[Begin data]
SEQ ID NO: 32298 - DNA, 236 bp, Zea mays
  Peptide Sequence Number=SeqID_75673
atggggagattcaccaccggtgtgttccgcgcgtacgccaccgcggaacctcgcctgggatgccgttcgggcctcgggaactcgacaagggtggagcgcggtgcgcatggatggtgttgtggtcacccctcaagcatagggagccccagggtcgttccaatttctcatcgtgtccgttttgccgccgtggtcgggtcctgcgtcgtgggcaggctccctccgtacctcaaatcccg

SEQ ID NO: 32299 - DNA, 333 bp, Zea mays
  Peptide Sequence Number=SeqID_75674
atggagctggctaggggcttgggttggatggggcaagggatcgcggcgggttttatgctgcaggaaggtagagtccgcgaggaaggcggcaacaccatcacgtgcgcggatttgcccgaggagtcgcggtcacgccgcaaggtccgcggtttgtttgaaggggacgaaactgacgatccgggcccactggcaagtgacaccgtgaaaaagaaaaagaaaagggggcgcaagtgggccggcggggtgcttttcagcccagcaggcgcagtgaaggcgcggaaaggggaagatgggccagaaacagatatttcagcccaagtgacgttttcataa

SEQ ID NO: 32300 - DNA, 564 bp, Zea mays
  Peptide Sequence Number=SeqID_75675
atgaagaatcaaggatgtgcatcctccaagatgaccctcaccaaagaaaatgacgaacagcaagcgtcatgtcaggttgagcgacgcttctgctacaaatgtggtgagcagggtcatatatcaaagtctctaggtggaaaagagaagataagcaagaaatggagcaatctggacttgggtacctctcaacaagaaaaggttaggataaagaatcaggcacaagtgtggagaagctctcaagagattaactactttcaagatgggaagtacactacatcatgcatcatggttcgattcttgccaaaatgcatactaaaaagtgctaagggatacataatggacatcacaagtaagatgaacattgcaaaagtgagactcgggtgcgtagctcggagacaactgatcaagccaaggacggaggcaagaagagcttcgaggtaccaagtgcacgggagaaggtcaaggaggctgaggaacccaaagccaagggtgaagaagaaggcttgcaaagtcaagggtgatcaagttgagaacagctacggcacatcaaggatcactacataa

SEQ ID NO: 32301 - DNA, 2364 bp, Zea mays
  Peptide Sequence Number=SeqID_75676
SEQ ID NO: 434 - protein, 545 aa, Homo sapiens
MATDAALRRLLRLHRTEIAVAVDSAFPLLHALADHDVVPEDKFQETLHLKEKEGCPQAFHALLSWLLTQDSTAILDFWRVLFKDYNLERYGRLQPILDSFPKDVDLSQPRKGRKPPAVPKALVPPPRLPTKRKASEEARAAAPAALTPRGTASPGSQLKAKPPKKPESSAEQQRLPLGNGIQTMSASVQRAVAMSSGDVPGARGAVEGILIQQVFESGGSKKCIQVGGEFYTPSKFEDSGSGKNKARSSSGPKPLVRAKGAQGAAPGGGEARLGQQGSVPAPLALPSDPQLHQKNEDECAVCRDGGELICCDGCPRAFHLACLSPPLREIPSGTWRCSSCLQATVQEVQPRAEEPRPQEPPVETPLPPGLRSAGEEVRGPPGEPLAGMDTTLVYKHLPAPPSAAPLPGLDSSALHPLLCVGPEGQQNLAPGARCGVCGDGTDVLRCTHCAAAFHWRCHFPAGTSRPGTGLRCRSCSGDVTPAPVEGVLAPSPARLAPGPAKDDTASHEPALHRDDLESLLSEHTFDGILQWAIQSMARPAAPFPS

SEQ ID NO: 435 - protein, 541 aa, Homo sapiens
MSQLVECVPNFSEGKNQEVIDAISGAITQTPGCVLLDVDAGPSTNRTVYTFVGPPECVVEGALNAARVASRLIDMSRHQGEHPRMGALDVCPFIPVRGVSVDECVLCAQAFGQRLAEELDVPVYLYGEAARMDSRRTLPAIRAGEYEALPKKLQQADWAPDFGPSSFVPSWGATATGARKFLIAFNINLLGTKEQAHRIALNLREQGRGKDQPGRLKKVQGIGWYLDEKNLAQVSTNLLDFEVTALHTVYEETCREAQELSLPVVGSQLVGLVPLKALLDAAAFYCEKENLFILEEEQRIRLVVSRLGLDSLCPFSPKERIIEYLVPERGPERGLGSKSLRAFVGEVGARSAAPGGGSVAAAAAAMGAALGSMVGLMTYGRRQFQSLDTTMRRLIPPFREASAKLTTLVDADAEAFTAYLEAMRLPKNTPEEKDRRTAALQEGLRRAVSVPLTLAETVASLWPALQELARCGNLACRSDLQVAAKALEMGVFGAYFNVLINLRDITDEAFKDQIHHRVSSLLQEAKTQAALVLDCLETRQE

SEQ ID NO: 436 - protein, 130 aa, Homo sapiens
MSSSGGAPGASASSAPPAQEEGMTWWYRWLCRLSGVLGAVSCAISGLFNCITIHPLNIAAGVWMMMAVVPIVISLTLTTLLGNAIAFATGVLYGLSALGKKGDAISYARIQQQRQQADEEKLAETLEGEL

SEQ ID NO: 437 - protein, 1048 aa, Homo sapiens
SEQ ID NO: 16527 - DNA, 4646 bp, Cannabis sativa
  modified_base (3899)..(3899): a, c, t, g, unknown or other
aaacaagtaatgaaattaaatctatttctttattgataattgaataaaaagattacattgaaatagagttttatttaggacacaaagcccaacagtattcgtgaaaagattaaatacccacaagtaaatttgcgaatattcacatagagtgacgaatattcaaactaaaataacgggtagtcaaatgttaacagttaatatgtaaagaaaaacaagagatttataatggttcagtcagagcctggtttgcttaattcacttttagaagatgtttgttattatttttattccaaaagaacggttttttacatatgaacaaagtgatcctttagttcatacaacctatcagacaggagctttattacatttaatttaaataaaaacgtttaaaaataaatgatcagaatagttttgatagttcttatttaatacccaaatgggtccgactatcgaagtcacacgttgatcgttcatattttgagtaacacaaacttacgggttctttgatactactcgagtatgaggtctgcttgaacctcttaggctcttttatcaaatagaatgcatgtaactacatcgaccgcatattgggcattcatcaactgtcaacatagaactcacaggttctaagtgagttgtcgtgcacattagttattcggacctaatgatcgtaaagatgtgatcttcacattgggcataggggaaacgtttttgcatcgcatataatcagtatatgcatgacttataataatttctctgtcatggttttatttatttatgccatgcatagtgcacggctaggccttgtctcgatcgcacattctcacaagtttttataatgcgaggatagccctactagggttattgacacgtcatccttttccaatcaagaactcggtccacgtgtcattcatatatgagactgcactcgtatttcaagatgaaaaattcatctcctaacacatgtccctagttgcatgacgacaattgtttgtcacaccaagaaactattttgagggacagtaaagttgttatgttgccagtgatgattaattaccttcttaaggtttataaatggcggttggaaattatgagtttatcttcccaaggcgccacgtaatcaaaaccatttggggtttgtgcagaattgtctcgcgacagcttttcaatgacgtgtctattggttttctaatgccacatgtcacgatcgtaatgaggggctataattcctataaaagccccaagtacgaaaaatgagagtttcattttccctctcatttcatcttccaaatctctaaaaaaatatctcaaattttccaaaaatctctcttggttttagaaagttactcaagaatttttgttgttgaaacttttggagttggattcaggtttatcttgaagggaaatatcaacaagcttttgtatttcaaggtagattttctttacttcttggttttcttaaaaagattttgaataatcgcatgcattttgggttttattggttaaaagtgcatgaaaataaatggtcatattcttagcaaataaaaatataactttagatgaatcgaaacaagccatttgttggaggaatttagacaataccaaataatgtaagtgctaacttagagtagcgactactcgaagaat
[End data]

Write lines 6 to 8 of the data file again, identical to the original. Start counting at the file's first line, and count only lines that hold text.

atggagctggctaggggcttgggttggatggggcaagggatcgcggcgggttttatgctgcaggaaggtagagtccgcgaggaaggcggcaacaccatcacgtgcgcggatttgcccgaggagtcgcggtcacgccgcaaggtccgcggtttgtttgaaggggacgaaactgacgatccgggcccactggcaagtgacaccgtgaaaaagaaaaagaaaagggggcgcaagtgggccggcggggtgcttttcagcccagcaggcgcagtgaaggcgcggaaaggggaagatgggccagaaacagatatttcagcccaagtgacgttttcataa

SEQ ID NO: 32300 - DNA, 564 bp, Zea mays
  Peptide Sequence Number=SeqID_75675